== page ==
"Using truck-mounted vacuums with 2,000 horsepower, and dehumidifiers, we can extract moisture from furniture, hardwood, tile, even Sheetrock," Kent says. Even electronics like TVs and laptops may still operate after a thorough drying. "In fact, when carpet gets wet, people think it's ruined, but it actually ends up stronger than when it was made," Kent says.
Everything could be fine in your house as you sleep at night. However, it only takes a broken pipe, water heater, washing machine, fire, or a sudden major storm, to cause major water damage to your home. When you are overwhelmed with water you need to do something about it now, and you can depend on your water damage restoration professionals to be there when you need them.
We are the most trusted name in property damage restoration because we don’t outsource and you can trust our workers when they are in your home. They are specially trained and industry certified. You will be assigned a Project Manager who will walk you through the entire process step-by-step.  The team leader is plugged into your job every single day. No exceptions.
Porous materials include carpet, insulation, fabric, and similar items. If they’ve been soaked in water, you may have to cut them out and throw them away. Water will permanently damage most porous materials by shrinking or warping them, and mildew will damage them even further. And if you have a beloved piece of furniture you want to save, you could try isolating and drying it out, but the damage may already be done, especially if you see drywall water damage. Note that unsealed cement, drywall, and wood are also porous materials.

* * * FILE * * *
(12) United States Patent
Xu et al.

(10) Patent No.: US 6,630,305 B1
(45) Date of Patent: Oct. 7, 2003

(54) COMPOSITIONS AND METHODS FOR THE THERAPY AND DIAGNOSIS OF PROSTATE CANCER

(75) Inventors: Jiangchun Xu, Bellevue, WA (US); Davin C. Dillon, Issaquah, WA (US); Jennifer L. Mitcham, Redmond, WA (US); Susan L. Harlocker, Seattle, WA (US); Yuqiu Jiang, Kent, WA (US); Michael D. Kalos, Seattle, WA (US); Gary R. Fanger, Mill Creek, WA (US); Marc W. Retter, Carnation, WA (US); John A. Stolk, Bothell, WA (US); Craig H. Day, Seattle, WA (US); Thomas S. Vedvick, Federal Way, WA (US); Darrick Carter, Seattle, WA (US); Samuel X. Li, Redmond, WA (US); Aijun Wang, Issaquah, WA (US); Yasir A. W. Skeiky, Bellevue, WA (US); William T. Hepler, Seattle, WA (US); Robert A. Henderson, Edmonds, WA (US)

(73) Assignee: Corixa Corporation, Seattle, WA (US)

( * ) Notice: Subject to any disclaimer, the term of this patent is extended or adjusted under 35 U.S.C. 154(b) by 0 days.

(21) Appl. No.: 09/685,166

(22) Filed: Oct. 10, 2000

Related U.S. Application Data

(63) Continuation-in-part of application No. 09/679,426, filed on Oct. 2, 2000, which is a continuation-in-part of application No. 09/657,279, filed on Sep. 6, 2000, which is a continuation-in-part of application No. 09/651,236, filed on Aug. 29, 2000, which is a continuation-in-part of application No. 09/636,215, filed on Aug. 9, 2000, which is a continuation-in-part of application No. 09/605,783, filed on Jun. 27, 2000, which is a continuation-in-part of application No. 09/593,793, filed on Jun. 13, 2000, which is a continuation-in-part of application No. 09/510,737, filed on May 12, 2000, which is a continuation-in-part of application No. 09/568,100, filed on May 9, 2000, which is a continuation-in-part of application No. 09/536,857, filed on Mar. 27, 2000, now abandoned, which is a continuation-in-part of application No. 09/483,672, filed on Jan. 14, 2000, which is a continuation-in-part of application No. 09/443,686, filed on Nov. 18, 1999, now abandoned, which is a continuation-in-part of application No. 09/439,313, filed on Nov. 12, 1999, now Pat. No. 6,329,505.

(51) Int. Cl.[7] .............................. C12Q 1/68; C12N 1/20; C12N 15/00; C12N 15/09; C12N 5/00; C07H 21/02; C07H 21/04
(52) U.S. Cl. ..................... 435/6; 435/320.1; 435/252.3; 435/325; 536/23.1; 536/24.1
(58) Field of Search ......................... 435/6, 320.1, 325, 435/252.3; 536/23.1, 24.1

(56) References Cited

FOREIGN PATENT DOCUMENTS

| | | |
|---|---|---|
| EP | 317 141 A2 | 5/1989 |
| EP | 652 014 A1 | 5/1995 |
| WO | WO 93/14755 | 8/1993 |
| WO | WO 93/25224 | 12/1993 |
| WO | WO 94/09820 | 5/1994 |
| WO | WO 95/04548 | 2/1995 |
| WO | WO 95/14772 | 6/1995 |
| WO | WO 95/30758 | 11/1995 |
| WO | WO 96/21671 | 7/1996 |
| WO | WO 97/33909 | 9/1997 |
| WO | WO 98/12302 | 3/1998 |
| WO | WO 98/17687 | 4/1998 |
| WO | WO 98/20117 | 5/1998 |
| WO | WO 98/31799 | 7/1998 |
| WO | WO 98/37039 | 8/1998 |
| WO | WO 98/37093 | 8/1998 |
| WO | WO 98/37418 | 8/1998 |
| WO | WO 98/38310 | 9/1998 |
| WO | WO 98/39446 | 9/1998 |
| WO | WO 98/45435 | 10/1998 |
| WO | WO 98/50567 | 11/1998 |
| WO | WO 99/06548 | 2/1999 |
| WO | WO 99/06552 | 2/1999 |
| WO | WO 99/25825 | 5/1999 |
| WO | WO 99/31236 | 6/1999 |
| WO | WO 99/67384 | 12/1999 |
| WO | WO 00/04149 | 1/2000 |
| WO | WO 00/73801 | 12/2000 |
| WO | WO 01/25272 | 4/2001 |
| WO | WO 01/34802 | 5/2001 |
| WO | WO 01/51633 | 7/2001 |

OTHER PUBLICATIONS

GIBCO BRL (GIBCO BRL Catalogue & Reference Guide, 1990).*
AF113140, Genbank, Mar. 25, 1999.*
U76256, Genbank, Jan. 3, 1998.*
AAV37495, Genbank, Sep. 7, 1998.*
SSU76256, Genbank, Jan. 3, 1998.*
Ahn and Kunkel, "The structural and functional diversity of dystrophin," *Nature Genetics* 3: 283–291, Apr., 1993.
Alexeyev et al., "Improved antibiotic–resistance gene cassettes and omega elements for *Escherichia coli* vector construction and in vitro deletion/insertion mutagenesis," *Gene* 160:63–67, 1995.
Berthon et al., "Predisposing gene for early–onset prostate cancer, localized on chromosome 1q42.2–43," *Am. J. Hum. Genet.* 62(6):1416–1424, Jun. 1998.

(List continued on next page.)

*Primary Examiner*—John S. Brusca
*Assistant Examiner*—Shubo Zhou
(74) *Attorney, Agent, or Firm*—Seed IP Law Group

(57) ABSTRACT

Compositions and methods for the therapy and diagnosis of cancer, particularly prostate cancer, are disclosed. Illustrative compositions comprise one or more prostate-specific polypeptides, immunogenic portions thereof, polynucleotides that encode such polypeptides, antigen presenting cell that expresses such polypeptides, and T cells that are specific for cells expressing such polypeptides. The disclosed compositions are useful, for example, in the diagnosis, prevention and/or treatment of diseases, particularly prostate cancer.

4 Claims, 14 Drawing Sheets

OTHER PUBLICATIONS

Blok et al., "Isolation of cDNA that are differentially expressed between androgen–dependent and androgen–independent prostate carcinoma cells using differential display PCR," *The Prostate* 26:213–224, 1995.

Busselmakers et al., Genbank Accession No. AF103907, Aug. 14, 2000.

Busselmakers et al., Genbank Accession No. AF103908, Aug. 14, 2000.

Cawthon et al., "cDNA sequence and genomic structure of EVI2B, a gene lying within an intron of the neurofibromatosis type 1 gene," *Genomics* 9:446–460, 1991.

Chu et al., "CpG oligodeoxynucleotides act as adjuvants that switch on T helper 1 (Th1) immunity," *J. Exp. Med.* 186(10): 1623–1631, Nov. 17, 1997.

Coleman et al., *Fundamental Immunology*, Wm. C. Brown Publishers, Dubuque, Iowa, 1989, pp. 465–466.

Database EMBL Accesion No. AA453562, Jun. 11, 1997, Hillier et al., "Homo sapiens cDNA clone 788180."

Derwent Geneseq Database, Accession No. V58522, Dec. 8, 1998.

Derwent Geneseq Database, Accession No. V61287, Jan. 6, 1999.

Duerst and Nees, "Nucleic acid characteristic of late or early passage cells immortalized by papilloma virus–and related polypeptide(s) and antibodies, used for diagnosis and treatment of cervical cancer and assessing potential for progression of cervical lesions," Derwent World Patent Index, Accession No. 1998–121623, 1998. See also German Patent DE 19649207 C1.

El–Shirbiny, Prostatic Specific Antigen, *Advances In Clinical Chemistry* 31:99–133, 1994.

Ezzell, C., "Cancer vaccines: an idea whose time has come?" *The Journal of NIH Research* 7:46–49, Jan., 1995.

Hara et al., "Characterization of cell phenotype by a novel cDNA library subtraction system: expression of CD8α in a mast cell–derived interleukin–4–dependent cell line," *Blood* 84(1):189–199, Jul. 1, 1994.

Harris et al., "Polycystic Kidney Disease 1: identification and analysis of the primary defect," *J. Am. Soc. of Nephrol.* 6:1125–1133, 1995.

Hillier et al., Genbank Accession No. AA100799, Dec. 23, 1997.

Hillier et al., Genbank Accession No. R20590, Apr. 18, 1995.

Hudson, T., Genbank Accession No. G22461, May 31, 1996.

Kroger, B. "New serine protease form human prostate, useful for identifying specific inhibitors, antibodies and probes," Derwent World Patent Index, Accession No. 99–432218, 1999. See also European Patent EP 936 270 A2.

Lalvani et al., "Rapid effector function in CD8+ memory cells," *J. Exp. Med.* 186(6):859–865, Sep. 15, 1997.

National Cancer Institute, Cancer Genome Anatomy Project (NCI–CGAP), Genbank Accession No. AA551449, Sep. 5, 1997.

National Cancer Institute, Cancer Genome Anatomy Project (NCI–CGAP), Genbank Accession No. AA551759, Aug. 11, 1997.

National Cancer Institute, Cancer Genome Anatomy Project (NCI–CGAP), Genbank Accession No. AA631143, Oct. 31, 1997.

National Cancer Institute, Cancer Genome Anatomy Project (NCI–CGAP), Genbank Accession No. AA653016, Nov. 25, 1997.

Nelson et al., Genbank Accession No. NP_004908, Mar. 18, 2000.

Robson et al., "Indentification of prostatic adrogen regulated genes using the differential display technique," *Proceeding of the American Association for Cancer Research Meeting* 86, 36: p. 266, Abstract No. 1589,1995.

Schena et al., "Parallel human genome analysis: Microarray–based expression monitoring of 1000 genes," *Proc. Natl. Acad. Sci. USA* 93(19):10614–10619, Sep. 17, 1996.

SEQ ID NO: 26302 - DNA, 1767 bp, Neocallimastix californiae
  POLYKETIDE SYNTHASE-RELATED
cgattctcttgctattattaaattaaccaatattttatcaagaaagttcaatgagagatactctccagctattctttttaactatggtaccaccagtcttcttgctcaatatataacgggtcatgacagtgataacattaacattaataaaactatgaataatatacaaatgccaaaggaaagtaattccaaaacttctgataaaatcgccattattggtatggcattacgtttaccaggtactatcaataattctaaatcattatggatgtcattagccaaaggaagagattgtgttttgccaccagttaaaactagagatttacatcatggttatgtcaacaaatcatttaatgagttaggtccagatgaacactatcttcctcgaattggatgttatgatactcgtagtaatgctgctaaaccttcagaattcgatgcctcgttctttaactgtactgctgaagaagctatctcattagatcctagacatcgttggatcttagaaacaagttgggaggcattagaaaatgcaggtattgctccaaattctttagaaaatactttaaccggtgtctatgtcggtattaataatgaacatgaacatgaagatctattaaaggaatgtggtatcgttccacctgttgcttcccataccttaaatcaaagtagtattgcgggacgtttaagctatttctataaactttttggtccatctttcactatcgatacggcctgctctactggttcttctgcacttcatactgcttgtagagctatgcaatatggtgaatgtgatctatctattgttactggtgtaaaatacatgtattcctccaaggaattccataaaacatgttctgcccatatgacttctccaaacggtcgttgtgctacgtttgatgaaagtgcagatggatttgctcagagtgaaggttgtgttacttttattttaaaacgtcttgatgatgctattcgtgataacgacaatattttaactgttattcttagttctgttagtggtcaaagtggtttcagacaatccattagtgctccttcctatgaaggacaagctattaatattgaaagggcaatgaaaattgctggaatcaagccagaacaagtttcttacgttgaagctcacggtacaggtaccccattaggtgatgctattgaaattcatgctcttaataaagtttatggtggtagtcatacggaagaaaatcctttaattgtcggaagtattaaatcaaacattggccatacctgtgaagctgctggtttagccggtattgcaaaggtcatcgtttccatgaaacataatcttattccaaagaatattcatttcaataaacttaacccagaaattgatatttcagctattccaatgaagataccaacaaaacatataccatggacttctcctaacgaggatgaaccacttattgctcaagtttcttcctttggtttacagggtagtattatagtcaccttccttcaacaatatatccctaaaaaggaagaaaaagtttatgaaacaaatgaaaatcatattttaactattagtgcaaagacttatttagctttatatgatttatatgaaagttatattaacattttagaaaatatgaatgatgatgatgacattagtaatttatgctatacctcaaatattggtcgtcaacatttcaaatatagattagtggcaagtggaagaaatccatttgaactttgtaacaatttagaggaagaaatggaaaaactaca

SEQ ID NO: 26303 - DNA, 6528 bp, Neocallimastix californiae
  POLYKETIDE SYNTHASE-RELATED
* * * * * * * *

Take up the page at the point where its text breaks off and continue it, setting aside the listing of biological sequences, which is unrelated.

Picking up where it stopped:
It’s important to get rid of all moisture ASAP before it causes more damage. And for small leaks, this may not be difficult, but it’s important to be thorough. Use fans to circulate air in the affected area. For larger projects, consider renting a large-capacity dehumidifier to really dry out surrounding wood, carpet, and other materials. You don’t want any moisture left after your water damage repair.

Wear a respirator or a facemask rated for black mold spore protection, and cover arms, legs and hands to avoid contact with mold spores. Use soap and a sponge to remove visible mold. If the moldy area is dry, lightly spray with water, as this will reduce the incidence of airborne mold spores during cleaning. Next, use commercial black mold removal products, which can be found in most hardware or home repair stores, to disinfect the moldy areas, in addition to any adjacent areas. If you use bleach, make sure it won't discolor the material or surface. Place all sponges, equipment and other materials used in cleaning in a heavy duty garbage bag, and if possible, remove the bag through an nearby exit as opposed to the main house, to avoid distributing mold spores.

While there are currently no government regulations in the United States dictating procedures, two certifying bodies, the Institute of Inspection Cleaning and Restoration Certification (IICRC) and the RIA, do recommend standards of care. The current IICRC standard is ANSI/IICRC S500-2015.[9] It is the collaborative work of the IICRC, SCRT, IEI, IAQA, and NADCA.
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